Sarong is a versatile, elegant piece of fabric that transcends culture and time. Our journey today takes us into the heart of this fascinating attire, its multiplicity of uses, and its significance across the globe. Let’s step into the world of the sarong, uncover its unique appeal, and see what top fashion designers think about this garment.
What is a sarong?
A Sarong is a piece of cloth that is worn wrapped around the body, usually tucked at the waist or under the armpits. This versatile garment can be worn by both men and women.
The sarong is a traditional garment for many places across the globe, it is a common belief that its roots are found in Southeast Asia, but it seems like it would be difficult to trace the exact origin of this simple garment, as so many cultures have their own variations of it.
The sarong is fully adapted to Western fashion as a unique and handy piece of clothing, mainly used as a stylish and practical cover-up at the beach.
It can be draped around the waist over a swimsuit or fashioned into a dress, skirt, or other types of attire.
Regardless of how it is worn, the sarong is known for its comfort, ease of wear, and adaptability to different styles and settings
Are Sarongs in Style in 2023?
Last year Vogue announced that Sarong is going beyond the beach into the city, and the news is that for summer 2023, this trend will conquer new summits.
The once-traditional garment has spread with new interpretations as many designers had at least one version of the sarong in their collection.
Exploring the runways, you can easily find inspiration for magnificent ways to style with Sarong on the beach, and off.
Michael Kors took the resort style to its most classic chic with his highly tailored collection, taking evening & beach wear combinations to the most elegant edge of comfort. You’ll find items like sarong skirts in different lengths and styles as part of a tailored suit that is worn on top of a swimming suit, and the match is irresistible. Summer never looked that fine!
Altuzarra’s RTW spring-summer 2023 in New York gave new interpretations to the sarong skirts with familiar sarong-style motifs and colors. These brilliant outfits of 2 or 3 pieces with vacational prints make an excellent meticulous summer outfit.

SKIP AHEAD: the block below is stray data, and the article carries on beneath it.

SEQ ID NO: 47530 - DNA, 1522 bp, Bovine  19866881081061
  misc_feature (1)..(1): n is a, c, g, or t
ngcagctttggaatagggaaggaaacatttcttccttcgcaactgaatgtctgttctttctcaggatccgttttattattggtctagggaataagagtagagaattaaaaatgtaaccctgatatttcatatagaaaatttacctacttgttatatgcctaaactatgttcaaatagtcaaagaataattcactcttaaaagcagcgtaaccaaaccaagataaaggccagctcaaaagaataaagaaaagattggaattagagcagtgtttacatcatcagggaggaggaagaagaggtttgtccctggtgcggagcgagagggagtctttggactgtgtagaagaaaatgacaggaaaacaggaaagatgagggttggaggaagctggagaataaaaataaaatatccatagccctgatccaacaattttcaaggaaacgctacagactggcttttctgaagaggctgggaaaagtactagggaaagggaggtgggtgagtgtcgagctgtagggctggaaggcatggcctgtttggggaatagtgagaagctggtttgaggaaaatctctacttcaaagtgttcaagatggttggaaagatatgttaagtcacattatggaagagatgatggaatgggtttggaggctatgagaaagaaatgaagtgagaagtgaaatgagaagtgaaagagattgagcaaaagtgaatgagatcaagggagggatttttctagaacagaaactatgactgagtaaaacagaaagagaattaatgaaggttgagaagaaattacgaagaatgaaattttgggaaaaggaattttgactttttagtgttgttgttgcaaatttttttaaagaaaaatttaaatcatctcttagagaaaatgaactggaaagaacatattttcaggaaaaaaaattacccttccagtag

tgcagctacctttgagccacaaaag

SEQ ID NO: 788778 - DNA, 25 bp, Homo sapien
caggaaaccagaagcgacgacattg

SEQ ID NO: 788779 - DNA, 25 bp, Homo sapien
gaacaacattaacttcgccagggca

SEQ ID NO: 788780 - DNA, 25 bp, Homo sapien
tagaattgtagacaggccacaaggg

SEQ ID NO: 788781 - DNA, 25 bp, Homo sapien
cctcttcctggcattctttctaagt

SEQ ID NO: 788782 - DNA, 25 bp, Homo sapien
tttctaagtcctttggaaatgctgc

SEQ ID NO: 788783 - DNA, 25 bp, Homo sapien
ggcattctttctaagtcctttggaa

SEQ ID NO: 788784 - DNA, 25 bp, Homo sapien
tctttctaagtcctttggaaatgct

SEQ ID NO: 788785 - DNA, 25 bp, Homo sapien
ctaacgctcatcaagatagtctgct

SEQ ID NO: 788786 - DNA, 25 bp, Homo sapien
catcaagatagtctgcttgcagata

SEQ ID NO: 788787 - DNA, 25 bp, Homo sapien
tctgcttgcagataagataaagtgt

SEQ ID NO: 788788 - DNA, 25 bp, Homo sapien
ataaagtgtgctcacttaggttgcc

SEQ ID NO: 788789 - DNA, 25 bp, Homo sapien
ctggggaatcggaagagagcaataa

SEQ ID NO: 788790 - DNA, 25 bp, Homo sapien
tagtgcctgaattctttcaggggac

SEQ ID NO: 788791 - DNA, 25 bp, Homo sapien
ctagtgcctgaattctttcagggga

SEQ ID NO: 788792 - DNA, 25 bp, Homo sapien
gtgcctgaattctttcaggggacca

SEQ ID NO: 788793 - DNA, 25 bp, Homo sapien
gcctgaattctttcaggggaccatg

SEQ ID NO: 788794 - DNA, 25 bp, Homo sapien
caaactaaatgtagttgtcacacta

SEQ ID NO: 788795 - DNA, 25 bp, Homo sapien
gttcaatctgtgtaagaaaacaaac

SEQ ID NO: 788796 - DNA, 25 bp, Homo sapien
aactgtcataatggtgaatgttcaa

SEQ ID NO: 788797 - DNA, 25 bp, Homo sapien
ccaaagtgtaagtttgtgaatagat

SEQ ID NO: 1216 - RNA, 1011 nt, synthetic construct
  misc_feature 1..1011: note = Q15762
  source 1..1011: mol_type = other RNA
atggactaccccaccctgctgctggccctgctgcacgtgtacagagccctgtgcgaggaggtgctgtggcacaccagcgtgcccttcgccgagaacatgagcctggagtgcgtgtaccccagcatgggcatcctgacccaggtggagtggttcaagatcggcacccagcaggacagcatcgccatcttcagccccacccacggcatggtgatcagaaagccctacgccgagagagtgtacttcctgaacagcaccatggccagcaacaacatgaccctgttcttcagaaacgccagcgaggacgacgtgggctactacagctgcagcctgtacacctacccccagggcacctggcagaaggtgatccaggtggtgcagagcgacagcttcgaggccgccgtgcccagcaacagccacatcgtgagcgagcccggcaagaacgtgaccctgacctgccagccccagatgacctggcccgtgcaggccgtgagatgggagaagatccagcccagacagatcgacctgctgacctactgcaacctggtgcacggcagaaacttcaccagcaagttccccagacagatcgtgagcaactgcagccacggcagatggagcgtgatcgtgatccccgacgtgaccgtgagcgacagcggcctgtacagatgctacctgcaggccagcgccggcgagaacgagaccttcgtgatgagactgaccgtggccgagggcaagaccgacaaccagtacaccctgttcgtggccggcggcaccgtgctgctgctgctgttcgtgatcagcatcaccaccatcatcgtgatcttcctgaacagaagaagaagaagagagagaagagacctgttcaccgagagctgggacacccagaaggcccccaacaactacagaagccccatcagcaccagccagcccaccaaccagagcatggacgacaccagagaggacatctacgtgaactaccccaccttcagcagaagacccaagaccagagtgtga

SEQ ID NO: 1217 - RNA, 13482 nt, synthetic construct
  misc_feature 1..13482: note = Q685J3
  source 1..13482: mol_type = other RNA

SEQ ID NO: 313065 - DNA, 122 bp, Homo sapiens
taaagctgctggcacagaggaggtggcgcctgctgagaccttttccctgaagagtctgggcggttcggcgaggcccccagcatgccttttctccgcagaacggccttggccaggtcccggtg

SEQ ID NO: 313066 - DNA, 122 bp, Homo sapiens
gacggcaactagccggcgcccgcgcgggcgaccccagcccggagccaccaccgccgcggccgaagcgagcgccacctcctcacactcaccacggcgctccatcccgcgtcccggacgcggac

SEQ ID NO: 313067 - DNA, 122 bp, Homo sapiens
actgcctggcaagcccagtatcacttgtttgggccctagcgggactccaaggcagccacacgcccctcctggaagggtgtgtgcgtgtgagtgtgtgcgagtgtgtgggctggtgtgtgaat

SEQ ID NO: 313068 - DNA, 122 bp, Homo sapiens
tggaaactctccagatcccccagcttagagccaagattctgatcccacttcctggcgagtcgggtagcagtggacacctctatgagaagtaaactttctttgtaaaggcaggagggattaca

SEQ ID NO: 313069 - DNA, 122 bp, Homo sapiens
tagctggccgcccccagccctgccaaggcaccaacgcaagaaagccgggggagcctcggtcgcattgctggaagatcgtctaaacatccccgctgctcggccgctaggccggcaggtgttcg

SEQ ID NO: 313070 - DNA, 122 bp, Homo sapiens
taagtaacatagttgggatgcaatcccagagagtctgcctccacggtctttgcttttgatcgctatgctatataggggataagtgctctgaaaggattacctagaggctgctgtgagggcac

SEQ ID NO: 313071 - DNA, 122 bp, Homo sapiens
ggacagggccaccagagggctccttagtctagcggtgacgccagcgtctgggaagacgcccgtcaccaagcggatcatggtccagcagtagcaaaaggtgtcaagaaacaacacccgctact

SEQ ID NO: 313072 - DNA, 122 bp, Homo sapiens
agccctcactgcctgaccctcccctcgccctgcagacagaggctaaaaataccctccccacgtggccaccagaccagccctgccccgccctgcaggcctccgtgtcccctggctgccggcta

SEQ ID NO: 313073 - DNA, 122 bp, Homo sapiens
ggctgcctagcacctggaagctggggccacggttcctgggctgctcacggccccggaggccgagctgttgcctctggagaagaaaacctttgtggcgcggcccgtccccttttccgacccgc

Dsquared2 made justice by officially bringing the sarong back to men in the most exquisite way and a fantastic mix-match of colors & themes. If I had to choose this summer’s best fresh look for men, with no doubts, I would choose this collection. A must-see!
We can’t talk about Sarong’s fashion without talking about it as beachwear. The obvious place to wear sarongs seems to take it to extreme minimalism this year. You’ll find lingerie-inspired beach outfits with super sheer sarongs, shimmer sarongs, and crochet sarongs, sometimes with huge holes. We can sum it up as the uncovering cover.
But with sarongs, you always have multiple styles in style, and with the abundance of patterns, colors, sizes, and styles of the latest collections, you can easily find the exact match that works for you. Looking at solid, bright-colored prints, romantic prints, big items or tiny, all designs and cuts, I see them all amazingly charming.
It seems that with a sarong, it’s hard to go wrong!
What is a Sarong Used For?
The sarong has soooo many uses, depending on the culture and context in which it’s worn. Let’s explore some of them:
The Traditional Use
In Southeast Asia, India, the Pacific Islands, the Malay Archipelago, (and many other places), sarongs are often used as regular everyday clothing. They can be worn by both men and women and are appreciated for their comfort and versatility. They fit the warm weather perfectly, they protect from the mighty sun, and they’re super easy to wear and take off.
The Ultimate Beachwear
Wearing a sarong when you go to the beach is a fun and easy way to style up with the best comfort. The sarong provides a quick and easy wrap to cover your swimsuit when you’re not in the water. Depending on the size of your sarong, you might even be able to use it as a beach mat to lie on.
My favorite? Probably… (:
Sarongs can also be transformed into various types of clothing. With different ways of wrapping and tying, they can become dresses, skirts, shawls, head wraps, and more!
In certain cultures, like Sri Lanka and Kerala, sarongs are often worn during special ceremonies or events. In Lampung, Indonesia, the Tapis (a type of sarong) was among the most luxurious textiles worn by the elite women during rites such as female initiations and weddings.